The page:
Later, Paul went to the Temple in Jerusalem to pray and certain non-Christian Jews who had previously seen Paul with some Gentiles in the city, jumped to the conclusion that Paul had also allowed the Gentiles to come into the Temple without observing the ritual of circumcision.  For devout Jewish men, this was a terrible breach of religious protocol and they worked themselves into a frenzy of hatred for Paul.  Indeed, the people dragged Paul out of the temple and intended to kill him, but then the Roman commander of the garrison saw that that a riot was about to break out and he took soldiers and centurions and stopped the people from beating Paul.

          The commander didn’t know what was going on, but he knew that if a riot broke out in Jerusalem, word would get back to Rome and he would lose his job.  So he seized Paul, put him in chains, and asked who he was and what he had done.  Of course the people were all shouting out accusations, but the commander couldn’t figure out what the truth of the matter was so he commanded Paul to be taken to the barracks as the mob followed.


At this point Paul asked the commander if he could speak to him.  The commander wanted Paul to speak in Greek and asked him if he was some Egyptian insurrectionist.  Paul affirmed that he was not that person, but that he was Jew from Tarsus, in Cilicia, and he asked again to speak to the people.  The commander agreed and Paul began his speech, which begins in chapter 22.

          Paul addressed the Jews in the Hebrew language and began giving his testimony.  He tells them of his religious training under the great Rabbi Gamaliel, confessing that he too used to persecute the Christians, but then Paul said that he encountered Christ and he saw the light.  Paul admits that he even held the coats of those who stoned the follower of Jesus named Stephen.  Paul says that Jesus changed his life and that Jesus Himself sent Paul to preach the good news to the Gentiles.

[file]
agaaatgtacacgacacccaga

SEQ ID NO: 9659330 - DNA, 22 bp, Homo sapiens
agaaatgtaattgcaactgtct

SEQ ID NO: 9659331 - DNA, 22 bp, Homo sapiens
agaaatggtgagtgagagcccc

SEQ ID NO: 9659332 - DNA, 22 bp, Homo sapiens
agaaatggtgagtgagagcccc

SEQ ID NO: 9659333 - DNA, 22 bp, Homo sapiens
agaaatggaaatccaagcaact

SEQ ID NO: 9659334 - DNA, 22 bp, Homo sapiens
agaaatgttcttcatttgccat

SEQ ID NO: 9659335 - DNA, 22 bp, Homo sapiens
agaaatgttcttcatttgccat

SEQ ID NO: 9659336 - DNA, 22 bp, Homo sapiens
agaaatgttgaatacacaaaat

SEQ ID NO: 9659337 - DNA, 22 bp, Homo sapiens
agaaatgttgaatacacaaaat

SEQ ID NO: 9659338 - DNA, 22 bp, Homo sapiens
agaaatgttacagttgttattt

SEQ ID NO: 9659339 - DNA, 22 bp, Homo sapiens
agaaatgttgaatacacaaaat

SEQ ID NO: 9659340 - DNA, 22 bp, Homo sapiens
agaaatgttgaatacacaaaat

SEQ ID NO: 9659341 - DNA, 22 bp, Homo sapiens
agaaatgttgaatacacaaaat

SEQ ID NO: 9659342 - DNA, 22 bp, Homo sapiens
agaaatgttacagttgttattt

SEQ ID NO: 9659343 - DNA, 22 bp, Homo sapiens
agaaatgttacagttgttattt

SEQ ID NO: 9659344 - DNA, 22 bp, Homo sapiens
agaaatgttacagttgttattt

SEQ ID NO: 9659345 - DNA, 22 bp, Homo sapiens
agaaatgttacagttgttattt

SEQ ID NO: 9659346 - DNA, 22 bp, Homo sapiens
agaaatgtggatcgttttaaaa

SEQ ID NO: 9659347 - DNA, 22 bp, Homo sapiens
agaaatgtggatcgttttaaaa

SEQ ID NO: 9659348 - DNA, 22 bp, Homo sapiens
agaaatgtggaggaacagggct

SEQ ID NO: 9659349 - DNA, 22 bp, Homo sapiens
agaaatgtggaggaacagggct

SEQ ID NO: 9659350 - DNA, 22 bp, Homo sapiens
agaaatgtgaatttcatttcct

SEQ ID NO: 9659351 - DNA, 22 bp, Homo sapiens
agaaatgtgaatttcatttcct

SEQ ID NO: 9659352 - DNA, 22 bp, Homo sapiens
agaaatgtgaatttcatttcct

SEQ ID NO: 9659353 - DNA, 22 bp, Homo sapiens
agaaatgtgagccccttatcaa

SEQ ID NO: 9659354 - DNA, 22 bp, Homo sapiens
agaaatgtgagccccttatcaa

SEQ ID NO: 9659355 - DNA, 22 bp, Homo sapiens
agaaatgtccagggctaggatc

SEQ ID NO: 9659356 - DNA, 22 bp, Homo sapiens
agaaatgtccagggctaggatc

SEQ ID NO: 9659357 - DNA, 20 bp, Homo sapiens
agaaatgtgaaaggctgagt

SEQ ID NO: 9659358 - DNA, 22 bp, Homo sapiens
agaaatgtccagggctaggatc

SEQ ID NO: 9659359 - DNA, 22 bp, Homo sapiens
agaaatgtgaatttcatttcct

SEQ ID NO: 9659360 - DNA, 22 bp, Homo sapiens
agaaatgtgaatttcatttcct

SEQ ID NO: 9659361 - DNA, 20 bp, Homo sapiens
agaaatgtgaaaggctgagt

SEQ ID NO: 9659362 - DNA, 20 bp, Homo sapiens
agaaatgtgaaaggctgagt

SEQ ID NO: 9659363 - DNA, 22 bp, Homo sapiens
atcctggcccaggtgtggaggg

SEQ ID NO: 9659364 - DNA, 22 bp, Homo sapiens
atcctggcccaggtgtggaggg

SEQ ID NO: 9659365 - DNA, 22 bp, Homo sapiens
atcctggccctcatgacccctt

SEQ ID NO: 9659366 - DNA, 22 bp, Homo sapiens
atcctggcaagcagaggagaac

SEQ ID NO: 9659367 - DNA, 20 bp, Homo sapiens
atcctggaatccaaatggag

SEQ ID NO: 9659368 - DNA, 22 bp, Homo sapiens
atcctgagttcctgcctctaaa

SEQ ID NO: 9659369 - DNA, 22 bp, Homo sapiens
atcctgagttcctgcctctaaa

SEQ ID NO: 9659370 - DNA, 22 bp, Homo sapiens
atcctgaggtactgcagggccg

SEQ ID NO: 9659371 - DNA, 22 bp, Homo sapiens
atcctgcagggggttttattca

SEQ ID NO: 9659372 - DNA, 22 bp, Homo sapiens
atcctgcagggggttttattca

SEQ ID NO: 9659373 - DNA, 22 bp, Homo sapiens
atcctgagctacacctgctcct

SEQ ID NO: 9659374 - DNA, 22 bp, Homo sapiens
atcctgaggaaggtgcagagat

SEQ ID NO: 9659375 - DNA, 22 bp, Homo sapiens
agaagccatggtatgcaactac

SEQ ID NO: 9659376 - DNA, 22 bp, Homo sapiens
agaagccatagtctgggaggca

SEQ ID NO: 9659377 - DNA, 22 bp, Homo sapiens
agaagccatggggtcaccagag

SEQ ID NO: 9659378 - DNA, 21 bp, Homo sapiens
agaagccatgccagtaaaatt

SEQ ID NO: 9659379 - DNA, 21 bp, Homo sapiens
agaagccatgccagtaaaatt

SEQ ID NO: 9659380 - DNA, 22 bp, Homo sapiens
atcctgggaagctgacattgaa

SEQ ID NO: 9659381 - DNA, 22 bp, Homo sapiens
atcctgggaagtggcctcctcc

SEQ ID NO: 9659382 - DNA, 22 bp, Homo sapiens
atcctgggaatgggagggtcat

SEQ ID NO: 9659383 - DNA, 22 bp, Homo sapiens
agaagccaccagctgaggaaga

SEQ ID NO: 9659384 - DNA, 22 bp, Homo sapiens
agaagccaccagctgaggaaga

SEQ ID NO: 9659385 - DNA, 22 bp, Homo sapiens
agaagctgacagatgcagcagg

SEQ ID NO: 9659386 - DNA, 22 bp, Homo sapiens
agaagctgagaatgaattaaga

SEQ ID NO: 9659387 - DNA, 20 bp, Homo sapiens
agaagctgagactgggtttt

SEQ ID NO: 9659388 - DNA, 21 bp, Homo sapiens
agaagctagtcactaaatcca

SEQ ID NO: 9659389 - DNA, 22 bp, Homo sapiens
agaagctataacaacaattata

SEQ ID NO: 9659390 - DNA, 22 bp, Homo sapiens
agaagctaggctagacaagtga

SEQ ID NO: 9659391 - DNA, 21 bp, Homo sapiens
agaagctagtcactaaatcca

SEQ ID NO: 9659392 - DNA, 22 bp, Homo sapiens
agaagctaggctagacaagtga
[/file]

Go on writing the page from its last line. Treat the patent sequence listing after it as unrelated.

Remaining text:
These people were so prejudiced against the Gentiles, that just the mention of the Gentiles caused the people to stop listening and to begin again to cry out for Paul’s punishment.  They shouted, “Away with such a fellow from the earth, for he is not fit to live!”   They were so blind in their religious rage until they wanted Paul to be killed. The Bible says, “23 They cried out and tore off their clothes and threw dust into the air.” 

Seeing that they were about to work themselves into another riot, the commander ordered Paul to be brought into the barracks, and said that he should be examined under scourging, so that he might find out why the Jews were so angry with him.  Scourging involved tying a man up and beating him with leather straps imbedded with pieces of bone or metal.  It was very painful and could be fatal, but it was seen as a way of getting the truth out of someone.  I’m sure anyone would trade scourging for water boarding any day.


It is at this point that Paul pulls out his rights as a Roman citizen.  Not only was Paul a Jew, but he was also Roman citizen.  Verse 25 says, “And as they bound him with thongs, Paul said to the centurion who stood by, ‘Is it lawful for you to scourge a man who is a Roman, and uncondemned?’”

The Roman philosopher and constitutionalist Cicero said, “It is a misdeed for a Roman citizen to be bound; it is a crime for him to be beaten; it is almost as bad as to murder a father as it is to kill a Roman citizen.”  So when Paul mentioned that he was a citizen, it struck terror in the heart of the centurion who could himself be brought up on charges and punished for binding a Roman citizen who has not even been charged with a crime, not to mention what crimes he might have been guilty of if he had beaten Paul.  So the centurion went to the commander and said, “Take care what you do, for this man is a Roman.”

Friends, when you are in the right and you are doing the Lord’s work, God will use the government, the law enforcement officials, the courts or anything else He needs to use, to protect and defend you.  The very man that was going to oversee the scourging of Paul is now going up the chain of command on Paul’s behalf and saying, “Stop what you’re doing, this man is a Roman!”